Understanding of Maven Repositories

By | October 27, 2020

This post talks about Understanding of Maven Repositories 

What is Maven Repositories?

Maven downloads the required artifacts or dependencies (jar files) and other plugins which are configured as part of any project, there must be a commonplace where all such artifacts are placed. This common shared area is called a Repository.

Maven repositories are classified into 3 main categories:

1.Local Repository
2.Remote Repository
3.Central Repository

Local Repository:

This repository usually resides in our local machine. Which is cached from the remote/central repository downloads and ready for usage/reuse.

The directory to store all the dependencies in the local machine can be configured in the settings.xml file of the maven directory under the tag <localRepository>

Remote Repository:

This repository as the name suggests resides in the remote server and can be accessed by using different file transfer protocols like file:// or http://.

The remote repository can be used for both downloading and uploading the dependencies and artifacts.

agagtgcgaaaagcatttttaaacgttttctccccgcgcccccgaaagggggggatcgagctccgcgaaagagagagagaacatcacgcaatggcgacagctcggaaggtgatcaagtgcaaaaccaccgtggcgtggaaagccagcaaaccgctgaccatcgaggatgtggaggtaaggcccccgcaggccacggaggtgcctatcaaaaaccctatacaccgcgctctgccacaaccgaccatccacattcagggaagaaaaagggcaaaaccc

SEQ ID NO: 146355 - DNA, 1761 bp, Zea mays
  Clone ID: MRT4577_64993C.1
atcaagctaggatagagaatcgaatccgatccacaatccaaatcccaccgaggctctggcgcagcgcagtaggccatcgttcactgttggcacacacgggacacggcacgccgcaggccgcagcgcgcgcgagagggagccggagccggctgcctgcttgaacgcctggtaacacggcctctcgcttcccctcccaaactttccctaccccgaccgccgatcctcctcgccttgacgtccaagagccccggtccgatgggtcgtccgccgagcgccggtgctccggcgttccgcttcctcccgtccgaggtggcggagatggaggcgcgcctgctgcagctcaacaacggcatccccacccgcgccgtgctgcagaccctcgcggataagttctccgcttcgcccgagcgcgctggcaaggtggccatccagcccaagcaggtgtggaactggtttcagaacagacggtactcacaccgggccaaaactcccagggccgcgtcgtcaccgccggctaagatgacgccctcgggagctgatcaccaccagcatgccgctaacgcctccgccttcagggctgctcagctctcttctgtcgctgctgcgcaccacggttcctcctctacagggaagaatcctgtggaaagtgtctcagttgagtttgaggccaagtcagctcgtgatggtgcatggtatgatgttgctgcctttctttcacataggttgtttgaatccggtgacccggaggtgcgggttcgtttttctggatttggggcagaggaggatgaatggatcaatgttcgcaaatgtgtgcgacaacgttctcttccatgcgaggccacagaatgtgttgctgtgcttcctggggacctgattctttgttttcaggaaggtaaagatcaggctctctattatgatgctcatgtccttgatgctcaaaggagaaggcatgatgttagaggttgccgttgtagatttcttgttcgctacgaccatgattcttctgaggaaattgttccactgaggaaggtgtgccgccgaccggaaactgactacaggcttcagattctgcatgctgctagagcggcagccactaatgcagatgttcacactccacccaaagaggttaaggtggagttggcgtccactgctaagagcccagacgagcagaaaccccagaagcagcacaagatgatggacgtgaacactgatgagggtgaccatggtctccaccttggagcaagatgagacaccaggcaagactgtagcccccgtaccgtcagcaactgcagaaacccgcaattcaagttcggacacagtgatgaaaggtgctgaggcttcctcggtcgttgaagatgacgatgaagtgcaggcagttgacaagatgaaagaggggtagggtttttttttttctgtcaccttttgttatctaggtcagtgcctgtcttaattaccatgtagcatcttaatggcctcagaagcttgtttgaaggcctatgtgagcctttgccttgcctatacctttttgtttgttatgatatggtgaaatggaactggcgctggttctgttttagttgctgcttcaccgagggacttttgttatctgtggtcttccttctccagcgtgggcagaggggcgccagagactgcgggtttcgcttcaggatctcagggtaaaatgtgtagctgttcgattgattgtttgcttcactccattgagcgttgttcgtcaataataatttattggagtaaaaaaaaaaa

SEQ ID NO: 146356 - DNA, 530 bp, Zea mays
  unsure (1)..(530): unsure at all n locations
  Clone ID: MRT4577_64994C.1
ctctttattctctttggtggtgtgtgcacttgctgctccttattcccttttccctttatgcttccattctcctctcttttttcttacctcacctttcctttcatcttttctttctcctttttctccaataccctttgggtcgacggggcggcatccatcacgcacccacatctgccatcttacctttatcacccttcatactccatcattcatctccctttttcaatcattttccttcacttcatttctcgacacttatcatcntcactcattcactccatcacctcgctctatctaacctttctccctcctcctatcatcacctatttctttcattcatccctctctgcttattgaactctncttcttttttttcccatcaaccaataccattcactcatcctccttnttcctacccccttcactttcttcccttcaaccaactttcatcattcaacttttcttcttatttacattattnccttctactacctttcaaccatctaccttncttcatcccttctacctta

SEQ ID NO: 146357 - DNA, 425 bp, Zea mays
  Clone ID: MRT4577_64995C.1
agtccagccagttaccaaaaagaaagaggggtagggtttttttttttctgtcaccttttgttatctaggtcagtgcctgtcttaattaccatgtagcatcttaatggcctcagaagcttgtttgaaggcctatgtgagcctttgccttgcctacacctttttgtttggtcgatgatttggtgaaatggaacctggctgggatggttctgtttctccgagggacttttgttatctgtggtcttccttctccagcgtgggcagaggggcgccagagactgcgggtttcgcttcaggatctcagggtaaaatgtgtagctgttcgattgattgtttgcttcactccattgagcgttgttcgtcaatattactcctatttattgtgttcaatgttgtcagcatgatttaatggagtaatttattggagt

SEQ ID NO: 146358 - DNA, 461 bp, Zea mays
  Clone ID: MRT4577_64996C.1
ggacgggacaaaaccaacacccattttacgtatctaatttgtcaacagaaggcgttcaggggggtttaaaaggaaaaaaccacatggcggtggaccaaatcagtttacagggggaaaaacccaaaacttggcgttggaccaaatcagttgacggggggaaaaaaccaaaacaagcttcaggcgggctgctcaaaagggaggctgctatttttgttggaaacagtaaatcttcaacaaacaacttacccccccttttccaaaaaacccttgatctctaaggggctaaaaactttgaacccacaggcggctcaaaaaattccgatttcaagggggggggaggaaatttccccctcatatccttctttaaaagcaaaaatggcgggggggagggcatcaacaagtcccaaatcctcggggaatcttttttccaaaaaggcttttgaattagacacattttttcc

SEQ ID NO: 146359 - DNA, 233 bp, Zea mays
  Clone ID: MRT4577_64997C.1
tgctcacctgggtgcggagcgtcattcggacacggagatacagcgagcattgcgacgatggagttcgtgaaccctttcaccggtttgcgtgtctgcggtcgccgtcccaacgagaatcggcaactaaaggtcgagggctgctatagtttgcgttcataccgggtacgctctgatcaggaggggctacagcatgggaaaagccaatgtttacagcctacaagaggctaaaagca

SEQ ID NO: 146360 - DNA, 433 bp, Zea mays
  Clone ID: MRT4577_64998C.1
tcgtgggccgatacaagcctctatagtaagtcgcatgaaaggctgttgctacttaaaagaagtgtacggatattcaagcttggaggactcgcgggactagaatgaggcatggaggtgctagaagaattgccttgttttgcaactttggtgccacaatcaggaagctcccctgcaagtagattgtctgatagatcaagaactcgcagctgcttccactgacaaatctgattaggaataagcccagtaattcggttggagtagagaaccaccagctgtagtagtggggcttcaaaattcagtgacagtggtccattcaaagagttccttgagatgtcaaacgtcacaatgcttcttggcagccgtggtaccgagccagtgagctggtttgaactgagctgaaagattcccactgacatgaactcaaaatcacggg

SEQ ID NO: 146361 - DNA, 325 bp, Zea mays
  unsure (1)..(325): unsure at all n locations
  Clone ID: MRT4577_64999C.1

Central Repository:

This is the repository provided by the maven community. This repository contains a large set of commonly used/required libraries for any java project.

Always keep in mind that we need an internet connection to use the central repository but no configuration is required to access this central repository(Optionally you can configure it).

How does Maven search for Dependencies?

when maven starts building the project by executing the build commands, maven starts searching the dependencies as explained below:

  • First of all, maven scans through the local repositories for all the project dependencies. If found, then it continues with further execution. If the project dependencies configured are not found in the local repository, then it scans through the central repository.
  • If the configured dependencies are available in the central repository then those dependencies will be downloaded to the local repository for future reference and usage. If not found, then the maven starts scanning into the remote repositories.
  • If the remote repository has not been configured then maven will throw an exception with an error message not able to find the dependencies and stops further processing. If found, then those dependencies are downloaded to the local repository for future reference and usage.

That’s all about Understanding of Maven Repositories?
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